CSPP 55001 Algorithms — Autumn 2013

Homework 6 (assigned November 5, due November 12)

Reading: CLRS chapter 22, sections 22.1–22.5. Reading for next week's lecture: chapter 24, sections 24.1–24.3.

Written assignment: Solve the following "Do" exercises and assigned problems. Only solutions to the assigned problems should be turned in.
Note: You are responsible for the material covered in both "Do" exercises and assigned problems.
Note: If you work with others, indicate their names at the top of your homework paper. Everyone must submit their own independently written solutions.

"Do" Exercises (not to be handed in):

1. Exercise 22.2-8, page 602.

2. Exercises 22.3-10 and 22.3-12, page 612.

3. Exercises 22.4-3 and 22.4-5, page 615.

4. You are given a directed graph G = (V, E) in which every vertex has at least one outgoing edge. Your task is to find a vertex v that is part of a directed cycle.
• Argue that G must contain at least one directed cycle.
• Can you use a single BFS to find such a vertex? If so, how? If not, why not?
• Can you use a single DFS to find such a vertex? If so, how? If not, why not?

Assigned Problems (to be handed in):

Important: When describing an algorithm in pseudocode, explain the meaning of your variables in English. Comment the lines of your pseudocode. Your pseudocode should be short, clear, and complete to receive full credit. If your code is long, difficult to read, or incomplete, you will not receive full credit.

1. The transpose of a directed graph G = (V, E) is another directed graph GT = (V, ET) on the same vertex set, but with edges reversed, i.e., ET = {(i, j) : (j, i) in E}. Give an O(V + E) time algorithm for computing the transpose of a directed graph G = (V, E) in adjacency list format.
• Describe your algorithm in pseudocode. (5 points)
• Explain how your algorithm works and argue that it is correct. (2 points)
• Analyze the running time of your algorithm, i.e., explain how it achieves its O(V + E) time complexity. (1 point)

2. Often there are multiple shortest paths between two vertices in a graph. Give an O(V + E) time algorithm for the following task.
Input: An undirected graph G = (V, E) in adjacency list format; vertices u and w in V.
Output: The number of distinct shortest paths from u to w.
Note: Your algorithm should not list all the paths; just compute their number.
• Describe your algorithm in pseudocode. (5 points)
• Explain how your algorithm works and argue that it is correct. (2 points)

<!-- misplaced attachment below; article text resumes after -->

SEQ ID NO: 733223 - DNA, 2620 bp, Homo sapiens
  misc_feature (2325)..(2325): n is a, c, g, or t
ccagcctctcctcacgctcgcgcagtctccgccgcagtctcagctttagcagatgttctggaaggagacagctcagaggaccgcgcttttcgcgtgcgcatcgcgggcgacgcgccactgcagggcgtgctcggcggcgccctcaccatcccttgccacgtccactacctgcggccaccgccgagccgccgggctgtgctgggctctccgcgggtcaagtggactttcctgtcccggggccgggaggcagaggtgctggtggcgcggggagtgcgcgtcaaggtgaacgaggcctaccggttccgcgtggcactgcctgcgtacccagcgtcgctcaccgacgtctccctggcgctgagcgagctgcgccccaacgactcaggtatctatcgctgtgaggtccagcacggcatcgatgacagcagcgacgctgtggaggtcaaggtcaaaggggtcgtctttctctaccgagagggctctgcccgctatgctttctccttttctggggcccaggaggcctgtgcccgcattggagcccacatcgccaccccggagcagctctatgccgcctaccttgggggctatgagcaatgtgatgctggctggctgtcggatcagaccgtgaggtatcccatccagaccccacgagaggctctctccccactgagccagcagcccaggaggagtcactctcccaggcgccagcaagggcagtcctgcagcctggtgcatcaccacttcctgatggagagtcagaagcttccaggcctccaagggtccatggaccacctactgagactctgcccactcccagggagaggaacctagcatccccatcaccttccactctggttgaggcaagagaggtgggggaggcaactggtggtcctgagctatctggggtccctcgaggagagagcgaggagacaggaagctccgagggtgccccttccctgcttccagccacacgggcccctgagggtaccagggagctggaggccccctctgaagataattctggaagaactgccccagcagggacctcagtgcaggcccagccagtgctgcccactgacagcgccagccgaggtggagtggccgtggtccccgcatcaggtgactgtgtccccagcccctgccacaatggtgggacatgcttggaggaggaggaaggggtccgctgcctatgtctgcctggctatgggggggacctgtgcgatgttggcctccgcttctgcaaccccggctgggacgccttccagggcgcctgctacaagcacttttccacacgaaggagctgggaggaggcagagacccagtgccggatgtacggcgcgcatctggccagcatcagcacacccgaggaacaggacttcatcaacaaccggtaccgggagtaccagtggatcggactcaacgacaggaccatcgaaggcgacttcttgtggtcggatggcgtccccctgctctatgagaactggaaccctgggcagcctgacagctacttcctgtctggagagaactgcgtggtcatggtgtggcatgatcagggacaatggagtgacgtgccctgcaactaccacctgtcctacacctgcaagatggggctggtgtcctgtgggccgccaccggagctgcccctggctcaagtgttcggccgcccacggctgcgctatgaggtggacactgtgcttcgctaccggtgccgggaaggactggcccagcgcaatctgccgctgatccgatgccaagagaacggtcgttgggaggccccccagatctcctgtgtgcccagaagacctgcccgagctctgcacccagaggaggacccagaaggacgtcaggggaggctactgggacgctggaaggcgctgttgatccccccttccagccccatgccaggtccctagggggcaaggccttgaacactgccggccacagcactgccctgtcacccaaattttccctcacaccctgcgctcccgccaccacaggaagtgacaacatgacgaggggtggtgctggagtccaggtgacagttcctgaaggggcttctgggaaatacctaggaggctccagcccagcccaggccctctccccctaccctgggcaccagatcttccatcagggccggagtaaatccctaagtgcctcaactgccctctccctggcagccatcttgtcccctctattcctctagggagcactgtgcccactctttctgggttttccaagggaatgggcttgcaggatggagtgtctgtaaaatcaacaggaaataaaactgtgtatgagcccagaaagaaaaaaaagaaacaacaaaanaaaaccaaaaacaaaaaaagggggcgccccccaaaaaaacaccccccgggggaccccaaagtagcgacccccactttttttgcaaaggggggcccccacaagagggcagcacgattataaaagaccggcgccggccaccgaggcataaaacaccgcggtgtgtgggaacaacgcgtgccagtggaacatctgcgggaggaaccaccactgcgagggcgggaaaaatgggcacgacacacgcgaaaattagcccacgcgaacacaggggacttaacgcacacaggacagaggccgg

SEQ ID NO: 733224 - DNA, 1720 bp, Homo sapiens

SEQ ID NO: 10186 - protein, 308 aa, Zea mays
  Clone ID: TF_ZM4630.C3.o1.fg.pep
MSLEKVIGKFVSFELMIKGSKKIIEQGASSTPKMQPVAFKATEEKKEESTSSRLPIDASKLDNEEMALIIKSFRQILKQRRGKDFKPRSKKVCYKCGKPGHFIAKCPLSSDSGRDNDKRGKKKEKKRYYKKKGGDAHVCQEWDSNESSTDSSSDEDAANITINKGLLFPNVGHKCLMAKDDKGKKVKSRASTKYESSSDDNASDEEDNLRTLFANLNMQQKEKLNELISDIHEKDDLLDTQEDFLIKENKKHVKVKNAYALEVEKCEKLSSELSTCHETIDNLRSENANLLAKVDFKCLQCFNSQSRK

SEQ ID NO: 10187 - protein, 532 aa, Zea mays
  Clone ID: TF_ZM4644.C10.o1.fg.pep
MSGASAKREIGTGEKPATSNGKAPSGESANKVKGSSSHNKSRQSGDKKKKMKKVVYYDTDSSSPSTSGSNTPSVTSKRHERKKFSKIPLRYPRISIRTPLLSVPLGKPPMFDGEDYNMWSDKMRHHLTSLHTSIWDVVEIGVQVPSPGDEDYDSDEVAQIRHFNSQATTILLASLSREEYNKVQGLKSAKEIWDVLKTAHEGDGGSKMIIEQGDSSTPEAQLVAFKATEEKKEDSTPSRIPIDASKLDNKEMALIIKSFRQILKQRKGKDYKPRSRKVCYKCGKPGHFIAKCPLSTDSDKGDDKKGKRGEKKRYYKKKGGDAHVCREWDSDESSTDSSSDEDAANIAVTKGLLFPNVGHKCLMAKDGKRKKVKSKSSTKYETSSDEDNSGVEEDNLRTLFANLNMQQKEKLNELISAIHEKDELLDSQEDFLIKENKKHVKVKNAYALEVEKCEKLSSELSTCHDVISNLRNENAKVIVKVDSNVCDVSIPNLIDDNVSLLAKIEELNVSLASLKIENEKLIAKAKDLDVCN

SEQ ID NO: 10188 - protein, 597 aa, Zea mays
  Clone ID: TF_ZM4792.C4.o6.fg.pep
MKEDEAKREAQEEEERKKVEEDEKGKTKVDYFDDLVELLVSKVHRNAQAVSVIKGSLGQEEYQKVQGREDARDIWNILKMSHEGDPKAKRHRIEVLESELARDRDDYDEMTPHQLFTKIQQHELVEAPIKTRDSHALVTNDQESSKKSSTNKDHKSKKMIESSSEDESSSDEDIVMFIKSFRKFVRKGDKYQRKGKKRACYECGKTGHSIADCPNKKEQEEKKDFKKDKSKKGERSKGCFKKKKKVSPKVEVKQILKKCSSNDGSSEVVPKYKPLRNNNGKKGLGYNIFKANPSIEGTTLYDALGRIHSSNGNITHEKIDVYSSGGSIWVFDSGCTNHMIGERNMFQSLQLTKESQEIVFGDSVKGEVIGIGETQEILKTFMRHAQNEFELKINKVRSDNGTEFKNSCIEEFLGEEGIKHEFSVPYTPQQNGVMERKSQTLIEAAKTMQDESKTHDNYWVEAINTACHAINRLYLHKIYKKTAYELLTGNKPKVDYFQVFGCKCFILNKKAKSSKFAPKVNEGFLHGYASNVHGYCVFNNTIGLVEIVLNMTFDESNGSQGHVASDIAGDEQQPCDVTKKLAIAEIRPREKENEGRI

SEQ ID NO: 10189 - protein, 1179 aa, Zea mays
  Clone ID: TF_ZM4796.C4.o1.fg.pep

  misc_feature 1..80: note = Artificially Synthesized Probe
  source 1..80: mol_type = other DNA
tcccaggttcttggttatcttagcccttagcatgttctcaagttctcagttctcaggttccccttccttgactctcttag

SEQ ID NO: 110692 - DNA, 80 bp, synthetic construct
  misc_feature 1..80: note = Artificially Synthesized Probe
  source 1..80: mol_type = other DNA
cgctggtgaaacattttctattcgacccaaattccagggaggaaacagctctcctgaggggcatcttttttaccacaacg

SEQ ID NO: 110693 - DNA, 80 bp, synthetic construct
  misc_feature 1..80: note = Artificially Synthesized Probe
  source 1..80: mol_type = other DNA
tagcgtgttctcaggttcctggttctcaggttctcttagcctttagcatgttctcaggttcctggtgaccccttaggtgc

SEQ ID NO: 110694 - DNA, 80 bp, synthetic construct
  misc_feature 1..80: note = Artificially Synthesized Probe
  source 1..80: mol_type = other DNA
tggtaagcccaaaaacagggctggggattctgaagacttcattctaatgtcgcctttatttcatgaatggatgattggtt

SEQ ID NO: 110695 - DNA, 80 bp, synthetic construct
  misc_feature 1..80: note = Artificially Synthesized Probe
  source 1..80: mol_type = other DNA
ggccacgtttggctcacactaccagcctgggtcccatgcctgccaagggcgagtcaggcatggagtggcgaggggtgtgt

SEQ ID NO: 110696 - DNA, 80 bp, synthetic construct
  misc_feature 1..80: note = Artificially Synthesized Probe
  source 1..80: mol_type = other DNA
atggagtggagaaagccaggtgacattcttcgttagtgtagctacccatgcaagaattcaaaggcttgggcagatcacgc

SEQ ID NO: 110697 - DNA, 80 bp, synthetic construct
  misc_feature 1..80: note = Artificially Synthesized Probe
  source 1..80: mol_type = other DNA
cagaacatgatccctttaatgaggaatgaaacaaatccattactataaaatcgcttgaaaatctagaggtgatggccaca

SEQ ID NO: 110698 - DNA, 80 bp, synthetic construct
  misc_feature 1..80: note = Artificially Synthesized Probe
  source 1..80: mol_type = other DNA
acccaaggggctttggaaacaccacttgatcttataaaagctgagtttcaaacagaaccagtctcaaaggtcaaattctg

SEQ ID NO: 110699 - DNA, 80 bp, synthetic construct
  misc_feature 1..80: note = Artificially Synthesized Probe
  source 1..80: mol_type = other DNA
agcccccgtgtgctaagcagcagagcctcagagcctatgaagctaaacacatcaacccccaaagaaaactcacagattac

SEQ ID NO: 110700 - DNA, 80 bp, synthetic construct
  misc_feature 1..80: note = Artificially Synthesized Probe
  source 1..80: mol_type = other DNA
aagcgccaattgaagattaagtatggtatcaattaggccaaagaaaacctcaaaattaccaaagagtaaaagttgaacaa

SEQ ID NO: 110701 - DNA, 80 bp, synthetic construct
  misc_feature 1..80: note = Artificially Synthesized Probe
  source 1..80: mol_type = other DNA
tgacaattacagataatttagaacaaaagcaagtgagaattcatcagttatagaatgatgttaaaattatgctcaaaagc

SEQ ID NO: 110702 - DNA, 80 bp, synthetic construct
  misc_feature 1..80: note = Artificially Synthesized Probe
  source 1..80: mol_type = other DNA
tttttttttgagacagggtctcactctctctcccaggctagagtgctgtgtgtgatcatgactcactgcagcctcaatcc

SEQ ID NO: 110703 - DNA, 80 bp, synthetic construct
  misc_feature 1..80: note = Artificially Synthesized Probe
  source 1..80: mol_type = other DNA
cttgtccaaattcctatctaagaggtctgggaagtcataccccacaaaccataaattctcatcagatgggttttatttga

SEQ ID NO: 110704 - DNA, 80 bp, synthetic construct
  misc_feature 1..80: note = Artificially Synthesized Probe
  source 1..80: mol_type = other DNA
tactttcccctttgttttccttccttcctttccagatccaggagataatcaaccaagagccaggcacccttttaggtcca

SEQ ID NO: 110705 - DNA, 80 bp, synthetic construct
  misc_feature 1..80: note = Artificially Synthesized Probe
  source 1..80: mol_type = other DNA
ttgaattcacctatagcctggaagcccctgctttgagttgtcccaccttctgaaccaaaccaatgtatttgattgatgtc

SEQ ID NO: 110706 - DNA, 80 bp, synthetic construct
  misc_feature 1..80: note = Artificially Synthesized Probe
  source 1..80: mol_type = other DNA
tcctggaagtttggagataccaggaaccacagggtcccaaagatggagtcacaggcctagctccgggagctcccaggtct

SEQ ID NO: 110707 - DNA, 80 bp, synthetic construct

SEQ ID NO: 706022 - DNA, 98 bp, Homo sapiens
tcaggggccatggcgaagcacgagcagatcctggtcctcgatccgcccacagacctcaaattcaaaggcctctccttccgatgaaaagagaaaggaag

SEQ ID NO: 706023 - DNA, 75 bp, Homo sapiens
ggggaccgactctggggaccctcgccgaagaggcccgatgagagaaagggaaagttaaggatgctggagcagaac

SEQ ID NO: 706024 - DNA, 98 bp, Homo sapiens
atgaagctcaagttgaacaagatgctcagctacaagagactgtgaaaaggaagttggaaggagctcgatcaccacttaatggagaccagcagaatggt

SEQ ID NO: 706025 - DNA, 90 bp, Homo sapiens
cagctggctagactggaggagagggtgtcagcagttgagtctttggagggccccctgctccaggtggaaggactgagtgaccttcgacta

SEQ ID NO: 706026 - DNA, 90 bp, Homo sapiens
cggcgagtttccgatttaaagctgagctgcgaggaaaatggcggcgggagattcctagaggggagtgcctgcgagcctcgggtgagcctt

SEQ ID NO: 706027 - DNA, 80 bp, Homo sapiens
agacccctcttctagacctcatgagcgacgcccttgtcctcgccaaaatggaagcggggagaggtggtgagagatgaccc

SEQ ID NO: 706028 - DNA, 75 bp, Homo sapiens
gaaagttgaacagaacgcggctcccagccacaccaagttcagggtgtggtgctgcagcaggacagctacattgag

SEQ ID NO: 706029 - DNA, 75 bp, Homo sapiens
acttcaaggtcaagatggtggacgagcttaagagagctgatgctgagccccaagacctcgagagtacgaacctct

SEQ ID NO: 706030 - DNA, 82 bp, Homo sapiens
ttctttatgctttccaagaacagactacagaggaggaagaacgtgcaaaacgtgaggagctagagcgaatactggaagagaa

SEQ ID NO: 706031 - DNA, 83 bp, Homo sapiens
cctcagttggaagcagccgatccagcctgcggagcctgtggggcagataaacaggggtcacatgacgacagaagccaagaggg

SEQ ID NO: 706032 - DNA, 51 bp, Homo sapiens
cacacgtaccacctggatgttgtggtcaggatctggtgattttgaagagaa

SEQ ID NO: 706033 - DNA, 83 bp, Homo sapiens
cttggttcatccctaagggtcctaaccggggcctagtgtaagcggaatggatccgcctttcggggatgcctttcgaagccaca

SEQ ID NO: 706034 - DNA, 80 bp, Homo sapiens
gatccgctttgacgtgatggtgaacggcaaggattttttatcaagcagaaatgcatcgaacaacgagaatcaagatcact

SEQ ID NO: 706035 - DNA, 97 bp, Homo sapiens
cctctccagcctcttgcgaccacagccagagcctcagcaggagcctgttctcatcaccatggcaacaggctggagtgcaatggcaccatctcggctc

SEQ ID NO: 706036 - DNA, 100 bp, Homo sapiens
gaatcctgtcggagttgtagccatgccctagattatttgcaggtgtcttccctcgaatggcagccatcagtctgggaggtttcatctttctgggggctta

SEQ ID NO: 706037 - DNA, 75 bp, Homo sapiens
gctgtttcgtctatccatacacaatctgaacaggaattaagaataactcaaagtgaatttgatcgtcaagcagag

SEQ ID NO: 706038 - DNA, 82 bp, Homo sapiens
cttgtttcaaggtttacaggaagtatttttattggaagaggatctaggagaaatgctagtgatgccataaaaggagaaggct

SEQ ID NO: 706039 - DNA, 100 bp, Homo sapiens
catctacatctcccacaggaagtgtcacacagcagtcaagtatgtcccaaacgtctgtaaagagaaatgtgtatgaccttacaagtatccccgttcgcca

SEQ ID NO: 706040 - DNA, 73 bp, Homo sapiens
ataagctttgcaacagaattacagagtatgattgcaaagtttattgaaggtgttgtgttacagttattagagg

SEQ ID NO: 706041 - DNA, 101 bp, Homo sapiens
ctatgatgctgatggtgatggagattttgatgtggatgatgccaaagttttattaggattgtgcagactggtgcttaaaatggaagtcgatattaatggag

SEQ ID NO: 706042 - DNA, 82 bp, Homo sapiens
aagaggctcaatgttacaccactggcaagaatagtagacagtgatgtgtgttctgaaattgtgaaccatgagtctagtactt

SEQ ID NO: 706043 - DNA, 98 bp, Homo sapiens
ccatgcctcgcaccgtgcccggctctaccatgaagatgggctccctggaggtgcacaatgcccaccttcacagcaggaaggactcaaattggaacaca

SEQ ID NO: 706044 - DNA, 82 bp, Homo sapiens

• Analyze the running time of your algorithm. (1 point)

3. An undirected graph is called bipartite if its vertices can each be assigned a color, either red or blue, such that no red vertex is adjacent to another red vertex, and no blue vertex is adjacent to another blue vertex. Give an efficient algorithm to determine if an undirected graph G = (V, E) is bipartite. Assume that G is in adjacency list format. Your algorithm should work even if G is not connected.
• Describe your algorithm in pseudocode. (5 points)
• Explain how your algorithm works and argue that it is correct. (2 points)
• What is the running time of your algorithm? Explain. (1 point)

4. Two vertices that are far apart in a communication network—separated by many hops—are thought to have a more tenuous connection than two vertices that are close together. There are a number of algorithmic results that are based on different ways of making this notion precise. Here is one that involves the susceptibility of paths to the deletion of vertices.
Suppose that an undirected graph G = (V, E) with |V| = n contains two vertices s and t such that the distance between s and t is strictly greater than n/2. (Recall: the distance between two vertices u and v in a graph G = (V, E) is the minimum number of edges in a path joining them.)
• Show that there must exist some vertex w, not equal to either s or t, such that the graph obtained from G by deleting w contains no path from s to t. (4 points)
• Describe an algorithm with running time O(V + E) to find such a vertex. Describe all the steps of your algorithm in clear and concise English, using pseudocode if it is helpful. (4 points)

5. Suppose the CSPP curriculum consists of n courses, all of them mandatory. The graph G = (V, E) of prerequisites has a vertex for each course, and an edge from course u to course w if and only if u is a prerequisite for w. Give an algorithm that works directly with this graph representation, and computes the minimum number of quarters necessary to complete the curriculum. Assume that a student can take any number of courses in one quarter. The running time of your algorithm should be O(V + E).
• Describe your algorithm in pseudocode. (6 points)
• Explain how your algorithm works and why it is correct. (2 points)
• Analyze the running time of your algorithm. (1 point)

6. Give an O(V + E) time algorithm that takes as input a directed acyclic graph G = (V, E) and two vertices s and t in V, and outputs the number of different simple directed paths from s to t in G. (Your algorithm only needs to count the simple paths, not list them.)
• Describe your algorithm in pseudocode. (6 points)
• Explain how your algorithm works and why it is correct. (2 points)
• Analyze the running time of your algorithm, i.e., explain how it achieves its O(V + E) time complexity. (1 point)